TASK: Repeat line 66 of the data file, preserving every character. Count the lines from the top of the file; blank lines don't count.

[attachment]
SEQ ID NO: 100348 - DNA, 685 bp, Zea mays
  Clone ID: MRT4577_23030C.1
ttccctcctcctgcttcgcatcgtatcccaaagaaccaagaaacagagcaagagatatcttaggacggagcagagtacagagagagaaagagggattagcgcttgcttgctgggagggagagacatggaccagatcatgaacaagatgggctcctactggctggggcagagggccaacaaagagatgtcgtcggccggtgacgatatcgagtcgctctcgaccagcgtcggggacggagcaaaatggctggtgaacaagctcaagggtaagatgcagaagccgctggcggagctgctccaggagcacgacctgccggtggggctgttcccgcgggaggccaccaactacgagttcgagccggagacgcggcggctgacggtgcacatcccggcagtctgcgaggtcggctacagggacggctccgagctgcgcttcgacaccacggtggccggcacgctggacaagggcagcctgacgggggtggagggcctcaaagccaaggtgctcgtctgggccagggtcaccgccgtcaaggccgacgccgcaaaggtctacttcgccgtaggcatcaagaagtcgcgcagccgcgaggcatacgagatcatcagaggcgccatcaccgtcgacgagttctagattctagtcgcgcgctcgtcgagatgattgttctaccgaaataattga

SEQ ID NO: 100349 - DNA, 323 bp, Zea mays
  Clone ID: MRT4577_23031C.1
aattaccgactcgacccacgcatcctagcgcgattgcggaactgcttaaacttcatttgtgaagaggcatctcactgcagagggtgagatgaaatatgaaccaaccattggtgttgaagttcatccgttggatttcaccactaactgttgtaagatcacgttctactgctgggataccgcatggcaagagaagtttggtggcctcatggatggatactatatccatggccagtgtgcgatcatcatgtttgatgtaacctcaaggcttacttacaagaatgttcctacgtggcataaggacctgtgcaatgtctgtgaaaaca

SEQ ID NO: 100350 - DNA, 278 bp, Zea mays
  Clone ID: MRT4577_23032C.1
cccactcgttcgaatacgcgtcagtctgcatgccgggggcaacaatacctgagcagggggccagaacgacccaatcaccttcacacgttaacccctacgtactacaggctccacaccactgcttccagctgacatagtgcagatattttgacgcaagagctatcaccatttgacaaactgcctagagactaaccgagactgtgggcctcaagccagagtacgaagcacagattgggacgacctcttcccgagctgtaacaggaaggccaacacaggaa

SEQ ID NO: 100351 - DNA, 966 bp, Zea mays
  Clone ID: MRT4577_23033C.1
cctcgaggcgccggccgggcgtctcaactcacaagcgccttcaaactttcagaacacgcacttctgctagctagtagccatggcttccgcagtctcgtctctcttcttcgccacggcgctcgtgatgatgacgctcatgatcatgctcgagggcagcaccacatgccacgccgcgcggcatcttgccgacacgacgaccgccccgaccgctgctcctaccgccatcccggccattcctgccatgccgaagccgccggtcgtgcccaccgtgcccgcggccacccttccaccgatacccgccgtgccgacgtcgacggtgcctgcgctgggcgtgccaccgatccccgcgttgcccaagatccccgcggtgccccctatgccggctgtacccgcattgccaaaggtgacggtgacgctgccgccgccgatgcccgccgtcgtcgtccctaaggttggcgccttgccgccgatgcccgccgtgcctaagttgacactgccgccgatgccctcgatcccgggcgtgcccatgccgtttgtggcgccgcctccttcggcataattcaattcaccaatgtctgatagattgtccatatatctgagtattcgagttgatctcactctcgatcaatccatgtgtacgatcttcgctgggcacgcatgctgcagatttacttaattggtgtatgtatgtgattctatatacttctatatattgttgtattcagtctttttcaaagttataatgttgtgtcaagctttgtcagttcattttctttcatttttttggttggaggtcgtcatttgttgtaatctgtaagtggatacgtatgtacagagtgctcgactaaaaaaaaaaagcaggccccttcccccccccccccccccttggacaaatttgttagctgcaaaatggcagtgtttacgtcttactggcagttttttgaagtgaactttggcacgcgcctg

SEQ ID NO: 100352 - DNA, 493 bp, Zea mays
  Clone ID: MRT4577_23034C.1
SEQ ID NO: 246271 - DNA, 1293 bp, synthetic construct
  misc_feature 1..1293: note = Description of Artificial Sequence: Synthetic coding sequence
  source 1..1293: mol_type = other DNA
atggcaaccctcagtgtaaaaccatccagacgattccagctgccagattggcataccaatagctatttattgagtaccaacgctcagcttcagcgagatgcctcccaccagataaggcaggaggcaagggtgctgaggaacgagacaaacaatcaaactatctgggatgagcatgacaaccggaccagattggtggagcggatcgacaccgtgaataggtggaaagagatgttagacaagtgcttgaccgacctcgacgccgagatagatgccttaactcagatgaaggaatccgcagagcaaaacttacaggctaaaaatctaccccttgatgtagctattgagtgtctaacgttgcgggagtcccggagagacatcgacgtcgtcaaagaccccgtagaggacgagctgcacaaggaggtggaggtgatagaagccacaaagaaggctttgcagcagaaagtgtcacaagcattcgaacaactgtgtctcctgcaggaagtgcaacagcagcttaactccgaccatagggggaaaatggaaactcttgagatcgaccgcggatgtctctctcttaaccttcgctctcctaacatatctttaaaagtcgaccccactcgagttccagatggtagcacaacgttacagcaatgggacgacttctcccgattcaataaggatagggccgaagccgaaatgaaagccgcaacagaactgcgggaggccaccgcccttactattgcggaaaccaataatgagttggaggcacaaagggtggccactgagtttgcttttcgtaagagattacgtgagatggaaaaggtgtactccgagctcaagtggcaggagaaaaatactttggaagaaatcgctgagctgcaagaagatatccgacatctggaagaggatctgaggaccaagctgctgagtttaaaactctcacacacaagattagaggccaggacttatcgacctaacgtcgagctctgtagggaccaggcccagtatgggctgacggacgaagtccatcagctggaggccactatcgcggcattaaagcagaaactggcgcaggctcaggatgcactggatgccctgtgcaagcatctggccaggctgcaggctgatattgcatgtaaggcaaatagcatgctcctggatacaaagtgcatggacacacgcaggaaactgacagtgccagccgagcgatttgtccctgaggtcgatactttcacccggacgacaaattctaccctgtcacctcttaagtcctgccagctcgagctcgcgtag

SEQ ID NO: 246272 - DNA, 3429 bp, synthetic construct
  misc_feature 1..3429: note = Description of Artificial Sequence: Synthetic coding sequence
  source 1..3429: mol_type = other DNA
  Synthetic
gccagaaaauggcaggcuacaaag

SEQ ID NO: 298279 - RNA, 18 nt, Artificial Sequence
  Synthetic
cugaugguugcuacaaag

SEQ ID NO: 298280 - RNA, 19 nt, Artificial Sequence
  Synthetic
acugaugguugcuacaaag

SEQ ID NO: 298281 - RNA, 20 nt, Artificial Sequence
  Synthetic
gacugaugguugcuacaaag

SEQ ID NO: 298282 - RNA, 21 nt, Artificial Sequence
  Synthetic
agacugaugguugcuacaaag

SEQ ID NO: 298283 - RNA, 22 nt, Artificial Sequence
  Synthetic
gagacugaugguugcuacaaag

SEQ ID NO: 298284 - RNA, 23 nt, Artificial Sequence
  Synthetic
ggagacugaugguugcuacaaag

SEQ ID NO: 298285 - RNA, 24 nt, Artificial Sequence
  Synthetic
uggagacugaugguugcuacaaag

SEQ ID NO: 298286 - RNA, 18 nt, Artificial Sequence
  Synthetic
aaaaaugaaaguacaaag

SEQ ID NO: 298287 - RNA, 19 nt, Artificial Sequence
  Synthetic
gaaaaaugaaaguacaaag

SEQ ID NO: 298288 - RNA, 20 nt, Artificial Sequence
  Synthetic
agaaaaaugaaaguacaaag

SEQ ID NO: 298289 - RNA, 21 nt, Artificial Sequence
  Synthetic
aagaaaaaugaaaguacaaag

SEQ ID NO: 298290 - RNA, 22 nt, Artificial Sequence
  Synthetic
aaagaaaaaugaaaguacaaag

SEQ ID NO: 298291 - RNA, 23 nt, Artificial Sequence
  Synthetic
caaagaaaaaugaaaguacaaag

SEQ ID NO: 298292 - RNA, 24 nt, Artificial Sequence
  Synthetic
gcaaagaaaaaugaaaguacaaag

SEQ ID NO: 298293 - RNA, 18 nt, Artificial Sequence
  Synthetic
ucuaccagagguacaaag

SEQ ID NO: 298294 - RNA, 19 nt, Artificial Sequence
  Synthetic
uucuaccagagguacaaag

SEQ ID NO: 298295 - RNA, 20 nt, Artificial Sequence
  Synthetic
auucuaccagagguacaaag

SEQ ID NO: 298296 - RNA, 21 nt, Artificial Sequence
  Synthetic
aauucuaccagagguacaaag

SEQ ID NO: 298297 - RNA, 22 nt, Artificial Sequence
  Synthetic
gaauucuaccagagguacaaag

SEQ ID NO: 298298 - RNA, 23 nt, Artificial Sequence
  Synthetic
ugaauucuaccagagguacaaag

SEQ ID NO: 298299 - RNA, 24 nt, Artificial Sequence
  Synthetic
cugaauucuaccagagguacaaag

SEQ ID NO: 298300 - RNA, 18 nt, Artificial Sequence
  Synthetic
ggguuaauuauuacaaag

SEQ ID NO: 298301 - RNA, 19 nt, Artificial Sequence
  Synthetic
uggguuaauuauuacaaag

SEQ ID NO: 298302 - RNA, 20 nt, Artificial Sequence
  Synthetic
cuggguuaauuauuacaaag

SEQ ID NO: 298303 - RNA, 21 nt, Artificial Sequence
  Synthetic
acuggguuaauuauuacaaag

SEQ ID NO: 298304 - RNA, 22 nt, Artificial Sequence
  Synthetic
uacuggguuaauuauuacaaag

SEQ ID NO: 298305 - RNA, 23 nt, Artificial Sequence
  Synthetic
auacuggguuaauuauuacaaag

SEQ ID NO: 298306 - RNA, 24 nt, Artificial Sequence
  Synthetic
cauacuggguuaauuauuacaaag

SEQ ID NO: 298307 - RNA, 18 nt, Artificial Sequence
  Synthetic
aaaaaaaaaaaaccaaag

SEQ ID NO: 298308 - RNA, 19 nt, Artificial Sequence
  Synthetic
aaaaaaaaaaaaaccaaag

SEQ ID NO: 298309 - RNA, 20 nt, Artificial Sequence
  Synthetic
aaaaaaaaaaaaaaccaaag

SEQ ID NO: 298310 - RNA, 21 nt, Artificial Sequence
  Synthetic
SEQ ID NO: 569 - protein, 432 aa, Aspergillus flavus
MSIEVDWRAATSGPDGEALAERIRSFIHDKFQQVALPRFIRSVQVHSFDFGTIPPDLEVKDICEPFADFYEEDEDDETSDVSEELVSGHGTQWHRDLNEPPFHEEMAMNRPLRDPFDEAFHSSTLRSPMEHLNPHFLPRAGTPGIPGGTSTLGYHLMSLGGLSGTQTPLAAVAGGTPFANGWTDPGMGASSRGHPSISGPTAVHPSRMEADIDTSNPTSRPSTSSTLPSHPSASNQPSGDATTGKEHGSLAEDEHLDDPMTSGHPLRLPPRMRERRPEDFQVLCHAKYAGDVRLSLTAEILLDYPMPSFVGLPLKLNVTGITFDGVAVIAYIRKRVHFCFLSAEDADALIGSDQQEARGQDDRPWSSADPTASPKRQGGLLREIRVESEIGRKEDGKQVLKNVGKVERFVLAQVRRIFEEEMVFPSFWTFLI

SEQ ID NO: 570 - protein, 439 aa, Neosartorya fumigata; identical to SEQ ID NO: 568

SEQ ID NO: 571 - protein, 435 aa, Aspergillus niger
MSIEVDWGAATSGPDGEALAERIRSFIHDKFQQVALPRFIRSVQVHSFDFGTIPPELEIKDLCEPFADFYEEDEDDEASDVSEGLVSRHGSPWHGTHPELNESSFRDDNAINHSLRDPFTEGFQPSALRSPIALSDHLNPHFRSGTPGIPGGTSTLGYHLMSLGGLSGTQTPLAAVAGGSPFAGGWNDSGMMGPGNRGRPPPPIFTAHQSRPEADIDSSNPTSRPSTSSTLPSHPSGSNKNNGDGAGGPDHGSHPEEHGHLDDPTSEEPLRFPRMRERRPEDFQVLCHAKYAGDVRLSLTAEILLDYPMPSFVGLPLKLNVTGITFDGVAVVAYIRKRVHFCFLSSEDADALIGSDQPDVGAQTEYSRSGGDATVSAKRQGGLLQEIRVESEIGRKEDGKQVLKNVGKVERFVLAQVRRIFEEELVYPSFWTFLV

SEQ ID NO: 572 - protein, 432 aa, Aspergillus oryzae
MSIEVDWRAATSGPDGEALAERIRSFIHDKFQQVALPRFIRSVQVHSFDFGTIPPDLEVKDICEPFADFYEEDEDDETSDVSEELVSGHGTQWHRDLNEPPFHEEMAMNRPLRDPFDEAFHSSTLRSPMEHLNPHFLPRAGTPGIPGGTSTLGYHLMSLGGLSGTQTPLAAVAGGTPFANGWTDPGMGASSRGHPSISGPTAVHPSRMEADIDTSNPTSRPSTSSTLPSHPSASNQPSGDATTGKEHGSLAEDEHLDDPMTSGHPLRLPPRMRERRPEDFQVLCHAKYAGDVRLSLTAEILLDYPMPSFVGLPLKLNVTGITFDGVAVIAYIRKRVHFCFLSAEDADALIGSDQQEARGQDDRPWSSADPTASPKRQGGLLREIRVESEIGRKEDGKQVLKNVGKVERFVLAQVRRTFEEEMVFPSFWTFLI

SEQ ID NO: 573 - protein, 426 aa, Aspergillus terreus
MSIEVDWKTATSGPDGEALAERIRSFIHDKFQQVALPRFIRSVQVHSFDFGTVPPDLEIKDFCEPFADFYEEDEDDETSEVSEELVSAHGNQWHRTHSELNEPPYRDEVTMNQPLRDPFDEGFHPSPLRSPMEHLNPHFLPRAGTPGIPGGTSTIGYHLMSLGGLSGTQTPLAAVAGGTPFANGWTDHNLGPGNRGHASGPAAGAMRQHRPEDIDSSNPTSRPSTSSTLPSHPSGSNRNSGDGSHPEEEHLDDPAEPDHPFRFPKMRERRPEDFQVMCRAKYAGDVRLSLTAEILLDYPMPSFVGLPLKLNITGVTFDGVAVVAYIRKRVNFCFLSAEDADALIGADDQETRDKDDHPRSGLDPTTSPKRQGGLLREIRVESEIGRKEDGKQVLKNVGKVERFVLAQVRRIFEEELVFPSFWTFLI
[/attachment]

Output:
SEQ ID NO: 298293 - RNA, 18 nt, Artificial Sequence